Life after NMR : My Journey to Quantum Weirdness
After years of studying Nuclear Magnetic Resonance, and deciding that I wanted something different, I started to look around. Since I knew a bit about spins, and quantum information theory was getting hot, I looked in that direction at first. In 1993, Bennett et al had already published a paper about quantum teleportation; quantum computing using qubits (quantum bits) was being developed, motivated by Shor’s algorithm; and experimental evidence was being produced confirming quantum teleportation and quantum cryptography. Since they all used spin, albeit of photons, I started to read the papers.
Very quickly I was introduced to Alice and Bob, the fictitious couple who represented points A and B in these experiments (and Charlie was introduced for point C). Many results had been published using: two photons (Einstein Podolsky Rosen (EPR) experiments); three photon experiments (teleportation); quantum erasure experiments and others involving more clusters of entangled photons. These ingenious experiments are a challenge both technologically and theoretically. I have spoken with many of the scientist who did these experiments, and every one declares that they do not understand the mechanism behind their results.
As I looked deeper into this area, there were troubling issues that I could not accept. First entanglement is supposed to persist to space-like separations. Therefore if one spin is flipped on Earth, the other will instantaneously flop many light-years away. How? Non-locality was established as a property of Nature and is so firmly entrenched now by Bell’s theorem that major journals, like Physical Review Letters, adopted an editorial policy to reject without external review any paper that questions it (The editor who told me this was Dr. Garisto of PRL).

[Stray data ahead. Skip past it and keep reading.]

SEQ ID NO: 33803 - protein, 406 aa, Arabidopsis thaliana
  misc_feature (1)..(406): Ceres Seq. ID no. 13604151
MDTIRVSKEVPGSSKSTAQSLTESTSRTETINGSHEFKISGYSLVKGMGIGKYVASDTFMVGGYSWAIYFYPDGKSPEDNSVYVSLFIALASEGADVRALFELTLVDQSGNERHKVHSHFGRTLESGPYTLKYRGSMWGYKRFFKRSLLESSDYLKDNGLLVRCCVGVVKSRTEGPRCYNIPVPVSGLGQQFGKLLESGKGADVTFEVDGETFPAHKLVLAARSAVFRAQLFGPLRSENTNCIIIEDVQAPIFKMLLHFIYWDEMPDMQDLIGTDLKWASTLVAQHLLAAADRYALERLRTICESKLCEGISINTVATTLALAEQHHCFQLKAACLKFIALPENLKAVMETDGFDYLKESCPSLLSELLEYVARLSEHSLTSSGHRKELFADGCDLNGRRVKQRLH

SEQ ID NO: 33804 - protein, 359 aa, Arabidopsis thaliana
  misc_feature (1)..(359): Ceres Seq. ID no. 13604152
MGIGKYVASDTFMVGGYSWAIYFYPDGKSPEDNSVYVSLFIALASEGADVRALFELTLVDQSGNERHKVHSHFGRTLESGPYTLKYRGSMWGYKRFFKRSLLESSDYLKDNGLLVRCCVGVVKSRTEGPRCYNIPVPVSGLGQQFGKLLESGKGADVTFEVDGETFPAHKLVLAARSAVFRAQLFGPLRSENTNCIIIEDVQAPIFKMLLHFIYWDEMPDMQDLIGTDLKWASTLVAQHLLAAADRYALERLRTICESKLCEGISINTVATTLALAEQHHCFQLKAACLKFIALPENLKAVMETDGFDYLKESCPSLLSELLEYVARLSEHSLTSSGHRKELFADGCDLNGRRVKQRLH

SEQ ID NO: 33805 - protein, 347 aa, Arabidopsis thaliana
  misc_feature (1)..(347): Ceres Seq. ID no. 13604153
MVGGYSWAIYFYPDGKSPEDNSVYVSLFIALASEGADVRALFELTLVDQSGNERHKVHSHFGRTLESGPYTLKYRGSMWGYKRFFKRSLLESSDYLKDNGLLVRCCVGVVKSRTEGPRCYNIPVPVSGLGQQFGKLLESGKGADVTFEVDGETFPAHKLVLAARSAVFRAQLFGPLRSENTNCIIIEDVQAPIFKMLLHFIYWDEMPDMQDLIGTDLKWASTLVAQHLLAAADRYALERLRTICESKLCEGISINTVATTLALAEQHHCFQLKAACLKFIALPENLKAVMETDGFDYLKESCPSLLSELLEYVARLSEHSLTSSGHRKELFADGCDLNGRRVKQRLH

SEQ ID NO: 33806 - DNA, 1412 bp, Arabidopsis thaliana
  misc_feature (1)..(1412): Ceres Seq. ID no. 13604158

But no one understands non-locality.
The point is, it makes no physical sense to believe that entanglement persists to non-local separations, and no one can give a cogent explanation. Rather scientist try to evade the issue by invoking quantum weirdness.
By the way, it was Schrödinger in 1935 who said that entanglement is not “a” property of quantum mechanics, but “the” property. It was he who coined the term entanglement.
Well maybe I am being stubborn and maybe I should accept that non-locality is a property of Nature. However it is the most worrying aspect of quantum mechanics, an otherwise fantastically successful theory of the microscopic. It has got to the point that since no answer has yet been found, the vast majority of physicists (I believe grudgingly) accept the statistical nature of the microscopic and believe indeed that God does play dice.
But I am not yet convinced.